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Reviewed by Kim Anisi for Readers' Favorite
The story of Asylum by Sherry Logsdon begins in the year 1896, when Isobel McFadden boards the S.S. Farnassia after her father decides to send her away - all the way to America. Isobel does not know her final destination, nor what kind of job she will end up doing. She only knows that it can't be much worse than continuing to live with her father who never loved her. Isobel is only 16 years old and shocked when she learns that she is to be the new head matron of the isolated Helsley House - an asylum for insane women. Or at least women who are supposed to be insane. Isobel has no choice but to take on her new responsibility. She makes friends with staff and clients, but never truly warms up to the cruel owner of the institution. He makes her assist him during his sessions with the women. His experiments are supposed to help them, but Isobel soon learns two things: his usually barbaric treatments are anything but helpful, and most of his patients are anything but insane. Will the young woman be able to help them or turn into a victim herself?
I have to admit that I picked up Asylum thinking that there was some supernatural or horror element involved. After all, the plot summary didn't quite make it clear what the real reasons for the women's "imprisonment" in the asylum were, only that it's not really about them being insane. It probably was good that the description was a bit vague, otherwise I might not have picked it up as books that deal with women's rights often end up being rather ponderous. Asylum shows that 16-year-old girls had to deal with completely different issues back in the past. Readers not only learn about life circumstances at the end of the 19th century (and early 20th century) but also follow the extraordinary development of Isobel from teenager to young adult to an adult woman. To me, it was interesting to see how the girl who knew nothing about being a leader turned into someone others looked up to and depended on. Isobel is forced to learn many things very quickly, and in some parts her attitude can be quite inspiring.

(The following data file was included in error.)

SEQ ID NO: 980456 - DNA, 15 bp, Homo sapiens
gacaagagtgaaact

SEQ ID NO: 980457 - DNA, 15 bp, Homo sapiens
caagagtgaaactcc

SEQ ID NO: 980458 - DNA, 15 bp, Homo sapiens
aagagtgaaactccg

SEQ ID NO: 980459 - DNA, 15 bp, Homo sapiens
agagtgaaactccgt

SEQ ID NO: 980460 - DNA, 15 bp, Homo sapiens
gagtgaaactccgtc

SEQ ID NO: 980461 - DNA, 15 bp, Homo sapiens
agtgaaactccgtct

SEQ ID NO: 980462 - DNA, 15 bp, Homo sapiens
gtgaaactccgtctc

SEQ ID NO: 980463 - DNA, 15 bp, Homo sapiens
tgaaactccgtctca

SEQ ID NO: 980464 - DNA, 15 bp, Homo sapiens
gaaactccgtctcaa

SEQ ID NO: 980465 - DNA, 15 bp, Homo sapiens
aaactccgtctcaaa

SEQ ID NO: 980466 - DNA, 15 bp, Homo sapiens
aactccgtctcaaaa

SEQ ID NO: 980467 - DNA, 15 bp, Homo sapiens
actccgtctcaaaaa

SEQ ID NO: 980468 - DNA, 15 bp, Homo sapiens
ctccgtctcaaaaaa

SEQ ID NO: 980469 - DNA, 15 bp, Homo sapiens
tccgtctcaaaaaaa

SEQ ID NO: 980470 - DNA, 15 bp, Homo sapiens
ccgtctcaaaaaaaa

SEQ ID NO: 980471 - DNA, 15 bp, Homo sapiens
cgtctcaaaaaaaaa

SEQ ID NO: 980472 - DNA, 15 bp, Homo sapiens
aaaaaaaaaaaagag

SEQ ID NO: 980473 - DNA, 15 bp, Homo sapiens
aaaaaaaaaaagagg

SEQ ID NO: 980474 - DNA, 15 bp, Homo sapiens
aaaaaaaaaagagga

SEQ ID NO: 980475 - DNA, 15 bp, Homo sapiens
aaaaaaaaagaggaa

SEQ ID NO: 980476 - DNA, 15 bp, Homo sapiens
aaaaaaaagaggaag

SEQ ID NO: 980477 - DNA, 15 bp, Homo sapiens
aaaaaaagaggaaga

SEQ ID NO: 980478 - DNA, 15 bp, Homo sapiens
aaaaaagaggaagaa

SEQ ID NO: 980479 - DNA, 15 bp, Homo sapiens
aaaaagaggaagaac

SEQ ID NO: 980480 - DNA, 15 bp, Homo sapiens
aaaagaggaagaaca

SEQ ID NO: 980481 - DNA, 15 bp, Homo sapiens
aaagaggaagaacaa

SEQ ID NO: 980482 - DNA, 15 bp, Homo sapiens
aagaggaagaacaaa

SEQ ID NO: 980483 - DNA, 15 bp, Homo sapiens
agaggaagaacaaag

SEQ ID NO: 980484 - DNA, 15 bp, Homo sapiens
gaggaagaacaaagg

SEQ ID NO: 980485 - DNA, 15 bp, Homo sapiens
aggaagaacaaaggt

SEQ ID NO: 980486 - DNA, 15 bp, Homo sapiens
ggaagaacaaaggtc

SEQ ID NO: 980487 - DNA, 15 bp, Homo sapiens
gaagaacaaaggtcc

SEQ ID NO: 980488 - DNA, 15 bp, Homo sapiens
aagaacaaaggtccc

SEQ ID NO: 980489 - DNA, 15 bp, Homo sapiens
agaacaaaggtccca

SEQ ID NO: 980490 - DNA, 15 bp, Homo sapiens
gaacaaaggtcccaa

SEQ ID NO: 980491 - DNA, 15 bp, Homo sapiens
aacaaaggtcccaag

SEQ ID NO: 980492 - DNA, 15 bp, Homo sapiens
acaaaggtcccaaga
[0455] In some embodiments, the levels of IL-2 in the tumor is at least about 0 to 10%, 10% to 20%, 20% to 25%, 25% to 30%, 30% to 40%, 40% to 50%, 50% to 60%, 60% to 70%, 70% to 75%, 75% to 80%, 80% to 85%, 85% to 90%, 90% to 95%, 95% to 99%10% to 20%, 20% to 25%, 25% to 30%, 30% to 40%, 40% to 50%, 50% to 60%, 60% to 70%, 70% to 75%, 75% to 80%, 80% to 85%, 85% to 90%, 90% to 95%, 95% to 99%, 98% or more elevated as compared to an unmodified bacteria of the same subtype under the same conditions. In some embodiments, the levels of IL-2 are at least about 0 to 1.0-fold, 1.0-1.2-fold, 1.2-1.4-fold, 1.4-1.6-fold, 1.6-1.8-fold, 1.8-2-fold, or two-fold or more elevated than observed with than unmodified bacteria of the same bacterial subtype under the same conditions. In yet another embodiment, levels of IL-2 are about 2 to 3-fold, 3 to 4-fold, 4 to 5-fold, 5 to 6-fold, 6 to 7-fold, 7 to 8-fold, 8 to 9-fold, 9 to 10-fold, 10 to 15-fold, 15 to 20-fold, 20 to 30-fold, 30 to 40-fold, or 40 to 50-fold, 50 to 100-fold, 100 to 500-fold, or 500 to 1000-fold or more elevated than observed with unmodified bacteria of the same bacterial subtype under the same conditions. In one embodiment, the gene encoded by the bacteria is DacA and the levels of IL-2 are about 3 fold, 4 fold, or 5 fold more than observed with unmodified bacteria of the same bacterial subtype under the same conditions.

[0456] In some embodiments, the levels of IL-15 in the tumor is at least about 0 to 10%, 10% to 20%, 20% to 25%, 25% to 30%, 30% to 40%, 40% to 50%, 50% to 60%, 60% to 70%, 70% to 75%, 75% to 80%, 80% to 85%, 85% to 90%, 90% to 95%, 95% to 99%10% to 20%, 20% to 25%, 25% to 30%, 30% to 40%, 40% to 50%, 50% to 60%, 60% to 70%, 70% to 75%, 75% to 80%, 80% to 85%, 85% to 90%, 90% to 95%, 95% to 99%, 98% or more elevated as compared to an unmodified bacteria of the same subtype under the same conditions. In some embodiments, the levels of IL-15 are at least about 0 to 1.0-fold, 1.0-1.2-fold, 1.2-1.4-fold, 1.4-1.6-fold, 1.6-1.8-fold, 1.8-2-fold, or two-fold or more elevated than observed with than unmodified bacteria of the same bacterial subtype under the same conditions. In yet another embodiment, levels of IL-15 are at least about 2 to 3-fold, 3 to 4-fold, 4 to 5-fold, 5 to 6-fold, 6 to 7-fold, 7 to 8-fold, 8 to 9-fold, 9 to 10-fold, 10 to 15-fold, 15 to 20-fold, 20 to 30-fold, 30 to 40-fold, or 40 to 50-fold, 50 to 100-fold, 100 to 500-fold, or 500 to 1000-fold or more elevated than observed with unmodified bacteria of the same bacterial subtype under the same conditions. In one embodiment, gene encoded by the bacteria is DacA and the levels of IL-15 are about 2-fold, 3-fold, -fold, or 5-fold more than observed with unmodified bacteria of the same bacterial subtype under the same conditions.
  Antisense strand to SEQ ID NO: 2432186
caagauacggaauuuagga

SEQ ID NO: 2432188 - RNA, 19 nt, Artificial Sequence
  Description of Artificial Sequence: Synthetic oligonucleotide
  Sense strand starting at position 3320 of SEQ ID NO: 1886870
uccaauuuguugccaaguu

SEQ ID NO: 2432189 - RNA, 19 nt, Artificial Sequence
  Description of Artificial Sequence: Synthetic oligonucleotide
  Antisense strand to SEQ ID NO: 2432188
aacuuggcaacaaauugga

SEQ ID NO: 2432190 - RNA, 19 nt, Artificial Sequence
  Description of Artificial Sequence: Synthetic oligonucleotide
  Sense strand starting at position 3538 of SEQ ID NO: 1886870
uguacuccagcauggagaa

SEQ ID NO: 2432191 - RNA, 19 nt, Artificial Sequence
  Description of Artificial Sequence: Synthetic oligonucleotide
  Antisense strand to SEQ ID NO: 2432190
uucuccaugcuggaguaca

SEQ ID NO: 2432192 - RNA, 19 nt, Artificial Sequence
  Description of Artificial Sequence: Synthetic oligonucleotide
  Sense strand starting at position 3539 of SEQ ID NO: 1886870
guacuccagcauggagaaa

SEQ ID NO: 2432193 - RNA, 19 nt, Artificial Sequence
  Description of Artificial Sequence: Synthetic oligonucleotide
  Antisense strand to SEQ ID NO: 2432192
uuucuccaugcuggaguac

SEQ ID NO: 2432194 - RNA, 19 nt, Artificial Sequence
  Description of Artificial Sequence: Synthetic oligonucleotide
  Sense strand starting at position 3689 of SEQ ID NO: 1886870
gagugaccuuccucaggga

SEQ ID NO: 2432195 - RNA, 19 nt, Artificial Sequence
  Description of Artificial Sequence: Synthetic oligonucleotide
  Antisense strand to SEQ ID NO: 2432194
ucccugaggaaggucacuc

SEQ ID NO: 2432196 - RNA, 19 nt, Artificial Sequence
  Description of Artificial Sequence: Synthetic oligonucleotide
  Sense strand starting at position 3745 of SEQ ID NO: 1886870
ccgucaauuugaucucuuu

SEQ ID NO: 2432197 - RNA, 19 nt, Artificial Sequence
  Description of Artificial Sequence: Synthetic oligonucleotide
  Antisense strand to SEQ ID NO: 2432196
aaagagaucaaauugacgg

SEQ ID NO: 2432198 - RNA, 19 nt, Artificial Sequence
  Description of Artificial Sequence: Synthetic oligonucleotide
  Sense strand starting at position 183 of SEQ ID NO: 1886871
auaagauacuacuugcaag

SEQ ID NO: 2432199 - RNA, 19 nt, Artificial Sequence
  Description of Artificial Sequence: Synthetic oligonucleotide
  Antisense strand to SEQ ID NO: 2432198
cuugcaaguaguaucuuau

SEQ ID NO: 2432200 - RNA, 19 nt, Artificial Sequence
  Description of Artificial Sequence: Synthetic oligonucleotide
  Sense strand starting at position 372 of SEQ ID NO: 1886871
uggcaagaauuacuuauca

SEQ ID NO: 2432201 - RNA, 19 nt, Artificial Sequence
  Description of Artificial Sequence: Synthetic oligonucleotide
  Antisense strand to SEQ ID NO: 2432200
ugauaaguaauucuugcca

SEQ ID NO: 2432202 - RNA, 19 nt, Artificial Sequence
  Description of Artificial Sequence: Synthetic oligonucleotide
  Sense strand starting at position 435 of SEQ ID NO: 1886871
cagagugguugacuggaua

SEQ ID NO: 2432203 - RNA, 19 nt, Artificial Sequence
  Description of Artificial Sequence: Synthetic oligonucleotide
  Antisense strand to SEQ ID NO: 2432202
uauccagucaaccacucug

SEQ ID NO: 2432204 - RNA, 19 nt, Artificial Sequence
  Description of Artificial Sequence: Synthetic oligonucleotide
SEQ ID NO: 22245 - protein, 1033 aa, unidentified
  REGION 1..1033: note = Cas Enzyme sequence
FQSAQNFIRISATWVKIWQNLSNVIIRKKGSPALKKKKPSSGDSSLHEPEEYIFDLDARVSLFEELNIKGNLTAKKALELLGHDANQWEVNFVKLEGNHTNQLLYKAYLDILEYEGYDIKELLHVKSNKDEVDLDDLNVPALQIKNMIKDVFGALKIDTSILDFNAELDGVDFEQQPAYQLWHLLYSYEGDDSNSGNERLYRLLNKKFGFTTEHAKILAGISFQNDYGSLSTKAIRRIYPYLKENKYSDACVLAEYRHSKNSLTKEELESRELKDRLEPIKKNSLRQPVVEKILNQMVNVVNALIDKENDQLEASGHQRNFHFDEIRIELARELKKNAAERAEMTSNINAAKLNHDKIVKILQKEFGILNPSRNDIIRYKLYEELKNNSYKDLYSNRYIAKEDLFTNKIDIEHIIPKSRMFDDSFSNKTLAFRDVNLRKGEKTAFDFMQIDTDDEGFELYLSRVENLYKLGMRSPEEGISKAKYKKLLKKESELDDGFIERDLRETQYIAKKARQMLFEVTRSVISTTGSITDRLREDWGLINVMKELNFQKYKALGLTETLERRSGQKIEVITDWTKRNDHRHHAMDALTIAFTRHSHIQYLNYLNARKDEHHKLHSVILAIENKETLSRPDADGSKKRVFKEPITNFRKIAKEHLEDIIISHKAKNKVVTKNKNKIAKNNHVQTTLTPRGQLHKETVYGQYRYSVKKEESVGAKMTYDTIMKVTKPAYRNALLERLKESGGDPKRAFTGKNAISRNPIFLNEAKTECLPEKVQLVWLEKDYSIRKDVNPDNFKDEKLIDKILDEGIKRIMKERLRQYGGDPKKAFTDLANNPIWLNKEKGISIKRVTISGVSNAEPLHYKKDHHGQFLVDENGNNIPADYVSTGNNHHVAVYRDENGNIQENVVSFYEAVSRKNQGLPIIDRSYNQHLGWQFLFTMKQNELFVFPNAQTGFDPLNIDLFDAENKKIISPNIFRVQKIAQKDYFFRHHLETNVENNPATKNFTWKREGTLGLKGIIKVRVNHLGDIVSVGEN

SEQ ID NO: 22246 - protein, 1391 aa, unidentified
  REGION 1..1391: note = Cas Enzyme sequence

While this novel is about women's rights and so deals with topics that were current during the late 19th and early 20th century (like women's right to vote), it is mainly an exciting story about how one young woman learns about the cruelty of the world and then decides to do her best to work against it. It is a story about women who dare to speak their minds. I found it was a good read, well written, and also educating as it opens readers' eyes to some of the horrendous things that were done to women to keep them quiet. I would recommend this book to readers who have an interest in women's rights, but don't want to be overwhelmed with historical dates and numbers. This book weaves facts and dates into an exciting story, and doesn't throw one fact and date after the other at readers. It is also a great historical coming of age story with some interesting plot twists, and some psycho-horror elements along the way.